Articles Posted in U.S. Court of Appeals for the Third Circuit

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While Kwasny was managing partner at a now-dissolved law firm, the firm established a 401(k) profit-sharing plan for its employees. Kwasny was named as a trustee and fiduciary of the plan. Between September 2007 and November 2009, the plan sustained losses of $40,416.302 because plan contributions withdrawn from employees’ paychecks were commingled with the firm’s assets and were not deposited into the plan. In 2011, the Secretary of Labor received a substantiated complaint from a plan member; investigated; and filed suit to recover the lost funds, remove Kwasny as trustee and fiduciary of the plan, and enjoin Kwasny from acting as a plan fiduciary in the future. The Third Circuit affirmed summary judgment in favor of the Secretary, remanding for determination of whether the judgment should be offset by a previous Pennsylvania state court default judgment entered against Kwasny for the same misdirected employee contributions. The court rejected arguments based on res judicata and on the statute of limitations. There is no genuine issue of disputed fact regarding Kwasny’s violation of the Employee Retirement and Income Security Act. View "Secretary United States Department of Labor v. Kwasny" on Justia Law

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Plaintiffs are trust funds and employee benefit plans for construction industry employees. MRS constructs commercial buildings. In 1997, MRS signed “me-too agreements” binding it to collective bargaining agreements (CBAs) bestowing rights on Plaintiffs. Under the agreement, MRS agreed to be bound by the 1997-2001 CBA in force between a multiemployer association and the union. According to Plaintiffs, MRS also agreed to be bound by later CBAs because the 1997 agreement contains an “evergreen clause” and MRS never gave the notice required to terminate the clause. MRS conceded that it never gave notice, but denied that the letter continuously granted bargaining rights. Under each CBA, employers had to make specified contributions to various Plaintiff funds and permit audits of records relevant to those obligations. Plaintiffs sent MRS requests for audits, believing that MRS had failed to make contributions required by the 2012-2015 CBA. When MRS did not comply, Plaintiffs sought post-audit relief under 29 U.S.C. 1145 for unpaid ERISA contributions and injunctive relief compelling MRS to comply with the 2012-2015 and subsequent CBAs. The Third Circuit reversed dismissal, rejecting an argument that all me-too agreements must satisfy two criteria in order to bind non-signatories to future CBAs. Absent that requirement, the plausibility of the complaint should be assessed under contract law principles and states a plausible claim for relief. View "Carpenters Health & Welfare Fund v. Mgmt. Res. Sys., Inc." on Justia Law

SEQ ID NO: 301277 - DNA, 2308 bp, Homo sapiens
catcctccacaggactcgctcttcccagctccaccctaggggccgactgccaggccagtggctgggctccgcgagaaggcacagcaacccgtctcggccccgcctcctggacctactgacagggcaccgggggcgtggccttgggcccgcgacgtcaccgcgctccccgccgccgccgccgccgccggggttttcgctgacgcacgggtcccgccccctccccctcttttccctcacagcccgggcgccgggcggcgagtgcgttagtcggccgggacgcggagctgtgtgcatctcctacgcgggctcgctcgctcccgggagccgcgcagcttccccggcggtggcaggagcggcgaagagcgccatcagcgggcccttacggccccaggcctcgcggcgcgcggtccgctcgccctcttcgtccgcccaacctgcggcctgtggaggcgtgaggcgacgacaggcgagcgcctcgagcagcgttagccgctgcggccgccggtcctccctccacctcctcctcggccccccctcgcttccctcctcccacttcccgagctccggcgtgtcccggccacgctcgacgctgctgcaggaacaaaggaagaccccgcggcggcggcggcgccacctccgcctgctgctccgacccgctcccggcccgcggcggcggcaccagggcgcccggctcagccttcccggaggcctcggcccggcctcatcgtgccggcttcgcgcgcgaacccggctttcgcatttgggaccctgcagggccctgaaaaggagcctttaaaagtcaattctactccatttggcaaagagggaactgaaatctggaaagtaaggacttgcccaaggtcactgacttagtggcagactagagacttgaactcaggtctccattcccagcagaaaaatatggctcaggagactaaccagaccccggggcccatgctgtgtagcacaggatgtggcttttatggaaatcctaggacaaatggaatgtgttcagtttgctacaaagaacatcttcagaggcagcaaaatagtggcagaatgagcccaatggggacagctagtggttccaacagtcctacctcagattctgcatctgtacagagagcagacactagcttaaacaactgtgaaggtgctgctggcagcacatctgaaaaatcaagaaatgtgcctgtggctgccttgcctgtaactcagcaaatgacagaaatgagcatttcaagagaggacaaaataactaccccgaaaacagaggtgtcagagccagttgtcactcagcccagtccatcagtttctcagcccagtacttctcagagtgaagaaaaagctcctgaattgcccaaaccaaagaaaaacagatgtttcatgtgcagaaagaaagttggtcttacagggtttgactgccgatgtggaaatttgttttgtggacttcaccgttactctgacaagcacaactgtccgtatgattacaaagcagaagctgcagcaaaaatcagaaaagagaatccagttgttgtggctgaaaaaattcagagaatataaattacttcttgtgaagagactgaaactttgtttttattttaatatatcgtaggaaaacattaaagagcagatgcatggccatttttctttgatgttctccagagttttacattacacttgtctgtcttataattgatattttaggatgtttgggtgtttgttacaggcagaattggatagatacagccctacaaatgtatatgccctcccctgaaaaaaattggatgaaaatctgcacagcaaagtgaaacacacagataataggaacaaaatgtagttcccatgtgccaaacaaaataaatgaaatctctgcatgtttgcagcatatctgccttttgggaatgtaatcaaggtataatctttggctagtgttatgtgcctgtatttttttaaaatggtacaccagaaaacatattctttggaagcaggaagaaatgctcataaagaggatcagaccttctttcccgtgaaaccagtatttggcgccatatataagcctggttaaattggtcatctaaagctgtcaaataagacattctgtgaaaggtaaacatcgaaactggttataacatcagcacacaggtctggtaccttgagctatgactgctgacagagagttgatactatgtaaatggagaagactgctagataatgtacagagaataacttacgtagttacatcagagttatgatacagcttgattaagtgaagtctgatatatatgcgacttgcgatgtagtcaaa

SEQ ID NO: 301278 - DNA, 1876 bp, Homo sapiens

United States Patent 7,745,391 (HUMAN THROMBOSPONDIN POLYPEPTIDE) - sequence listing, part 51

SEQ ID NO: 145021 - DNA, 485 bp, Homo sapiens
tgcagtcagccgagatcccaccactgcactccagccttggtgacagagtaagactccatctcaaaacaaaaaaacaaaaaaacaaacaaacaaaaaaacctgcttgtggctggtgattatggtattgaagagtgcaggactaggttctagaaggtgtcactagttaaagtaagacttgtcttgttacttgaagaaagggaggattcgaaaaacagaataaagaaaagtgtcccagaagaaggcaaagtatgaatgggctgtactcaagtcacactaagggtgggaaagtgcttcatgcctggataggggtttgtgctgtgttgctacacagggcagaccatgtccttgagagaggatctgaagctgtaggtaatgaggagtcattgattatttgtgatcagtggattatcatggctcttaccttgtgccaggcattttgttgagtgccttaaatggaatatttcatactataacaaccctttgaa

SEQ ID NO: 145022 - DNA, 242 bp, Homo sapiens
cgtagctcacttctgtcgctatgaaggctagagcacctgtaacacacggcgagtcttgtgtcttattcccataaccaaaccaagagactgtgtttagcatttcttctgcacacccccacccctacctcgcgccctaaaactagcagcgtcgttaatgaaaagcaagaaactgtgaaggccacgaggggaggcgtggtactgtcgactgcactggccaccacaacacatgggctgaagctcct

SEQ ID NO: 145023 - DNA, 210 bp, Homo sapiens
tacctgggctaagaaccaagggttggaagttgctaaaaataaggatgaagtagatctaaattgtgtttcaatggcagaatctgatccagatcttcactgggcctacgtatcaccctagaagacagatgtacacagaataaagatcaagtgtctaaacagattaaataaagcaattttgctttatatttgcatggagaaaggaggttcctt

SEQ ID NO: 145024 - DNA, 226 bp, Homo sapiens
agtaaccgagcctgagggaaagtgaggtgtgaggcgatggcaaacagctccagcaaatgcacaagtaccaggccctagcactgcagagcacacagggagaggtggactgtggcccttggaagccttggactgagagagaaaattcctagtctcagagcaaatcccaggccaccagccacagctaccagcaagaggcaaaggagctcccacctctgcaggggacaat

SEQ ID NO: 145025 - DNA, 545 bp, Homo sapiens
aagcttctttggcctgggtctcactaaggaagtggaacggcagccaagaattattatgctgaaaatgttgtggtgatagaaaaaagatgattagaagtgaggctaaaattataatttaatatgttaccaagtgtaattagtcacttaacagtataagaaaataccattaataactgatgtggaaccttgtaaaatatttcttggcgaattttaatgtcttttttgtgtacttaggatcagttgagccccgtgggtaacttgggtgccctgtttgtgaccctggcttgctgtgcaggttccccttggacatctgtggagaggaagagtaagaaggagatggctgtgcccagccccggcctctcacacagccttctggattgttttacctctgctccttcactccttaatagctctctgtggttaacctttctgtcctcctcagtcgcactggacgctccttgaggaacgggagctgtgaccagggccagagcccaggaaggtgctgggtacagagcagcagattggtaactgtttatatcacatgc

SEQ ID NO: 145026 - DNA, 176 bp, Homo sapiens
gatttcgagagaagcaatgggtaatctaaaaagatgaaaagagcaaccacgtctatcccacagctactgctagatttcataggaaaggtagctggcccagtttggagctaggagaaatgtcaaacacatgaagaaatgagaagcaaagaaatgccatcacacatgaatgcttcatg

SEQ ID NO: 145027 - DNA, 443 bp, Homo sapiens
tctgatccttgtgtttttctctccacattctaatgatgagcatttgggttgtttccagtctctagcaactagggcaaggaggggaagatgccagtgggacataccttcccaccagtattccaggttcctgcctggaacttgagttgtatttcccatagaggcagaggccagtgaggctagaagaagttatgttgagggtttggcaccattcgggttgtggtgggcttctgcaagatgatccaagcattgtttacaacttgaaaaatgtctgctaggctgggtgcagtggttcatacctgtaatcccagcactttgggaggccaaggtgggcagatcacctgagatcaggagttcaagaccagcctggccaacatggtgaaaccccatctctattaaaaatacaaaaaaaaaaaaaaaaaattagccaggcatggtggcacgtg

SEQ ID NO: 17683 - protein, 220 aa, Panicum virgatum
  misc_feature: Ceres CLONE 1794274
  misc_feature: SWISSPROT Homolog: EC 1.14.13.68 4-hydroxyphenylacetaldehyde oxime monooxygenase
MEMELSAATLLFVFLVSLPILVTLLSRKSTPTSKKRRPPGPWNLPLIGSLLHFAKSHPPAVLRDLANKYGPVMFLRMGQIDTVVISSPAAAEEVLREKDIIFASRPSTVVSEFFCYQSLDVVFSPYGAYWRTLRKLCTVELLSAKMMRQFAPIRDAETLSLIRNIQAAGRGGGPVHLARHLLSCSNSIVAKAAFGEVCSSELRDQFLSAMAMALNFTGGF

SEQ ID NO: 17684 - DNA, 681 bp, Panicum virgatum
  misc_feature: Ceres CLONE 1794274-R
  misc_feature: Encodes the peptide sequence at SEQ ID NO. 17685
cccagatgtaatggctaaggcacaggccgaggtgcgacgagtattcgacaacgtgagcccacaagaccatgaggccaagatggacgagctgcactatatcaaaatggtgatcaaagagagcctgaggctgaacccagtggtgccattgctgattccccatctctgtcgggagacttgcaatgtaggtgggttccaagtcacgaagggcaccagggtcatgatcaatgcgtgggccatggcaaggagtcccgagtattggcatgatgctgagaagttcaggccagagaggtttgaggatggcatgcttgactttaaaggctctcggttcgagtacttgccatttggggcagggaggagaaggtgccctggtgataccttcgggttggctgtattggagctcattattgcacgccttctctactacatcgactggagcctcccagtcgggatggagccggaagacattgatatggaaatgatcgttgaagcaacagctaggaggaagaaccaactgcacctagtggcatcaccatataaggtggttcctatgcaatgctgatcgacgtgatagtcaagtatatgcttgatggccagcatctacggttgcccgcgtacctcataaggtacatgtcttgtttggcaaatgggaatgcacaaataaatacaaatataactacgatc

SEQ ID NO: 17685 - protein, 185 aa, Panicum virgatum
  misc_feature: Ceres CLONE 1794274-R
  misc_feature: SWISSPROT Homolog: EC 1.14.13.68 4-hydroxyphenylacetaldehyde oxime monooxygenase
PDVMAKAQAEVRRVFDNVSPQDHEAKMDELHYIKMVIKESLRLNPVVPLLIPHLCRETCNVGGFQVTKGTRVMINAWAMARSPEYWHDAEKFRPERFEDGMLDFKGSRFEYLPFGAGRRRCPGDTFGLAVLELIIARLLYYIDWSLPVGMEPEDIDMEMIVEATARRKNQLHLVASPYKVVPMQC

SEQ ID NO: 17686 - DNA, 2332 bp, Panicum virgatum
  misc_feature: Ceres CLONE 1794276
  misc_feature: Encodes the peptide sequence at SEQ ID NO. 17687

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To stimulate economic development, Jersey City, New Jersey offers tax exemptions and abatements to private developers of projects in certain designated areas. Those tax benefits are conditioned on the developers’ entry into agreements with labor unions that bind the developers to specified labor practices. Employers and a trade group challenged that law, alleging that it is preempted by the National Labor Relations Act (NLRA) and Employee Retirement Income Security Act (ERISA) and barred by the dormant Commerce Clause of the U.S. Constitution. The district court dismissed the complaint, concluding that Jersey City acts as a market participant, not a regulator, when it enforces the law, so that NLRA, ERISA, and dormant Commerce Clause claims were not cognizable. The Third Circuit reversed, holding that Jersey City was acting as a regulator in this context. The city lacks a proprietary interest in Tax Abated Projects. The Supreme Court has recognized a government’s proprietary interest in a project when it “owns and manages property” subject to the project or it hires, pays, and directs contractors to complete the project; when it provides funding for the project; or when it purchases or sells goods or services. This case fits none of these categories. View "Assoc. Builders & Contractors, Inc. v. City of Jersey City" on Justia Law

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St. Peter’s, a non-profit healthcare entity, runs a hospital, and employs over 2,800 people. It is not a church, but has ties to a New Jersey Roman Catholic Diocese. The Bishop appoints most members of its Board of Governors and retains veto authority over Board actions. The hospital has daily Mass and Catholic devotional pictures and statues throughout the building. In 1974, St. Peter’s established a non-contributory defined benefit retirement plan; operated the plan subject to the Employee Retirement Income Security Act (ERISA); and represented that it was complying with ERISA. In 2006 St. Peter’s filed an IRS application, seeking a church plan exemption from ERISA, 26 U.S.C. 414(e); 29 U.S.C. 1002(33), continuing to pay ERISA-mandated insurance premiums while the application was pending. In 2013, Kaplan, who worked for St. Peter’s until 1999, filed a putative class action alleging that St. Peter’s did not provide ERISA-compliant summary plan descriptions or pension benefits statements, and that, as of 2011, the plan was underfunded by more than $70 million. While the lawsuit was pending, St. Peter’s received an IRS private letter ruling. affirming the plan’s status as an exempt church plan for tax purposes. The Third Circuit affirmed denial of a motion to dismiss, concluding that St. Peter’s could not establish an exempt church plan because it is not a church. View "Kaplan v. Saint Peter's Healthcare Sys." on Justia Law